Obomsawin’s legendary career recognized with TIFF Tribute Award

Wednesday, September 15th, 2021 12:56pm


Image Caption

Alanis Obomsawin. Photo courtesy of TIFF.


“And there came a point when I was a young girl and I realized how bad the system of education was. That’s the time I revolted. I didn’t know what to do.” — Alanis Obomsawin
By Sam Laskaris
Local Journalism Initiative Reporter

Alanis Obomsawin has always had a soft spot for the Toronto International Film Festival (TIFF).

Obomsawin, the 89-year-old Abenaki Nation member who is regarded as one of the country’s most distinguished filmmakers, was once again back at a familiar place.

She was in Toronto this past weekend as one of the honorees of the 2021 TIFF Tribute Awards.

Obomsawin was selected as this year’s recipient for the Jeff Skoll Award in Impact Media. The award recognizes leadership in creating a union between social impact and cinema.

Obomsawin has had an incredible career, producing 53 films, almost one per year since the last 1960s. The majority of her films chronicle the lives and concerns of Indigenous people.

“I’m always very touched by the recognition I get here,” Obomsawin said at the TIFF Tribute Awards press conference on Saturday. “And TIFF is like a family. I am very honoured to be here.”

Obomsawin said the first ever festival she attended was in Toronto in 1984 when it was called the Festival of Festivals. It was renamed TIFF in 1995.

Obomsawin was born in the United States on Abenaki territory in New Hampshire. But when she was just six months old her family moved to Quebec and she was raised there.

The TIFF Tribute Awards were recorded and will air this Saturday, Sept. 18, during the final day of the festival. The awards will be shown at 7 p.m. EST on CTV. They’ll also be available for viewing on CTV.ca as well as the CTV app.

At Saturday’s press conference Obomsawin talked about the longevity of her career and why she decided to become a filmmaker.

“I can only be very thankful that I have lived this long because, for many generations as everybody knows, it was very difficult for our people, for all of us,” she said. “And there came a point when I was a young girl and I realized how bad the system of education was. That’s the time I revolted. I didn’t know what to do.”

Obomsawin knew she wanted to help influence change.

“What can I do to influence (others) to stop talking about us like that, with a license, teaching young children to hate us,” she said. “All around, it didn’t matter who we were, where we were, what was happening, it was all very negative. When I realized it was the books, I thought I’m going to do something about this.”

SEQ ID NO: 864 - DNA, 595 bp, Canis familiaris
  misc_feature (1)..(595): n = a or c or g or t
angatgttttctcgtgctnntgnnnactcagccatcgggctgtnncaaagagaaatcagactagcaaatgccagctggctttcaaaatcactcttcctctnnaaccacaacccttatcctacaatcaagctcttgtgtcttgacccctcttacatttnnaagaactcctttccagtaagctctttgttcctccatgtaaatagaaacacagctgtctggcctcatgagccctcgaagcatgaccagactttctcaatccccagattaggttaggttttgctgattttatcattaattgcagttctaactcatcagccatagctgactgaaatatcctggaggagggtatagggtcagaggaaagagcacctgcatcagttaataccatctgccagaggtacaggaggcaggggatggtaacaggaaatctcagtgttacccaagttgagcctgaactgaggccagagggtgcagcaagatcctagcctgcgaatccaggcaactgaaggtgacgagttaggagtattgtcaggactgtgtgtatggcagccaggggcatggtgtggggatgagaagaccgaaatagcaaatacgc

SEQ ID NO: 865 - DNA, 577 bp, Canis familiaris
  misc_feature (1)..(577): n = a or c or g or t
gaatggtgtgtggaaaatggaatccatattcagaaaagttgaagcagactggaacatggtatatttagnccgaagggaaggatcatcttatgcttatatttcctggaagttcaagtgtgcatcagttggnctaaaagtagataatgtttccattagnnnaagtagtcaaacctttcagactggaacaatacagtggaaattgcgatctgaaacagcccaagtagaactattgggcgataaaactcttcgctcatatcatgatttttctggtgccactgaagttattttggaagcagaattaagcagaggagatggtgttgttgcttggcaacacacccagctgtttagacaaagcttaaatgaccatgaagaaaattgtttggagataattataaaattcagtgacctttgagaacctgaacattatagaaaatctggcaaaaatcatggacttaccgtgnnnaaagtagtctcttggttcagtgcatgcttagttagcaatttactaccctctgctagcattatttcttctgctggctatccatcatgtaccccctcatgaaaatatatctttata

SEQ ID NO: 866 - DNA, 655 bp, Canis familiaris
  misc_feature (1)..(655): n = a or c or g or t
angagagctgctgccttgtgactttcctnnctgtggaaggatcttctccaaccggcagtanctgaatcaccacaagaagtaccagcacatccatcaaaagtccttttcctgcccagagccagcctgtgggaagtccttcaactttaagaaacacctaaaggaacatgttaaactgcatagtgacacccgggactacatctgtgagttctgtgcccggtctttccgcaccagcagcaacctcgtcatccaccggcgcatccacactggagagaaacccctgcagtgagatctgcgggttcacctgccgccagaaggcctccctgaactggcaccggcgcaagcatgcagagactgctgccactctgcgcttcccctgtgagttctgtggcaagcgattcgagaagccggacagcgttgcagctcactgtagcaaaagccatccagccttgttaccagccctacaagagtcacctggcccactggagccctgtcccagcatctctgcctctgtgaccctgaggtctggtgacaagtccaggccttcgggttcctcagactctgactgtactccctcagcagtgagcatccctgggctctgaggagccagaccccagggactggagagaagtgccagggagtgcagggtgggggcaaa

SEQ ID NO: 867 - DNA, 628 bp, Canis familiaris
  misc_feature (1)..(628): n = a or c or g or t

Besides being a filmmaker, Obomsawin is also a singer, artist and activist. She began working for the National Film Board of Canada in 1967.

Besides recognizing her with a TIFF Tribute Award, festival organizers also honoured Obomsawin this year with a platform titled Celebrating Alanis. A total of 19 of her films are being shown for free.

This retrospective also includes Obomsawin’s newest short film titled Honour to Senator Murray Sinclair, which profiles the chair of the Truth and Reconciliation Commission, which examined the legacy of the Indian residential school system.

“It’s a true gift to know Alanis as a friend and through her films,” said series curator Jason Ryle. “Her works are imbued with tenacity, dignity and love in equal measures and they have been transformational across nations.”

After working as an advisor for the NFB, Obomsawin directed her first documentary in 1971, titled Christmas at Moose Factory.

One of her best-known films was Kanehsatake: 270 Years of Resistance which came out in 1993. This feature-length film documented the 1990 resistance in Kanehsatake and Oka.

“Her astonishing legacy continues to grow with each year and with each new film in her long career,” Ryle said. “Within the global Indigenous community she is a beacon of our pride and a symbol of the power of film to change the world.”

TIFF’s artistic director Cameron Bailey was also pleased to include Celebrating Alanis in this year’s festival.

“Alanis Obomsawin is often described as an activist filmmaker,” he said. “Alanis’s body of work focuses on discrimination and injustice, but also on Indigenous strength and resistance. It is an honour to celebrate her work with these 19 films in the retrospective.”

Local Journalism Initiative Reporters are supported by a financial contribution made by the Government of Canada.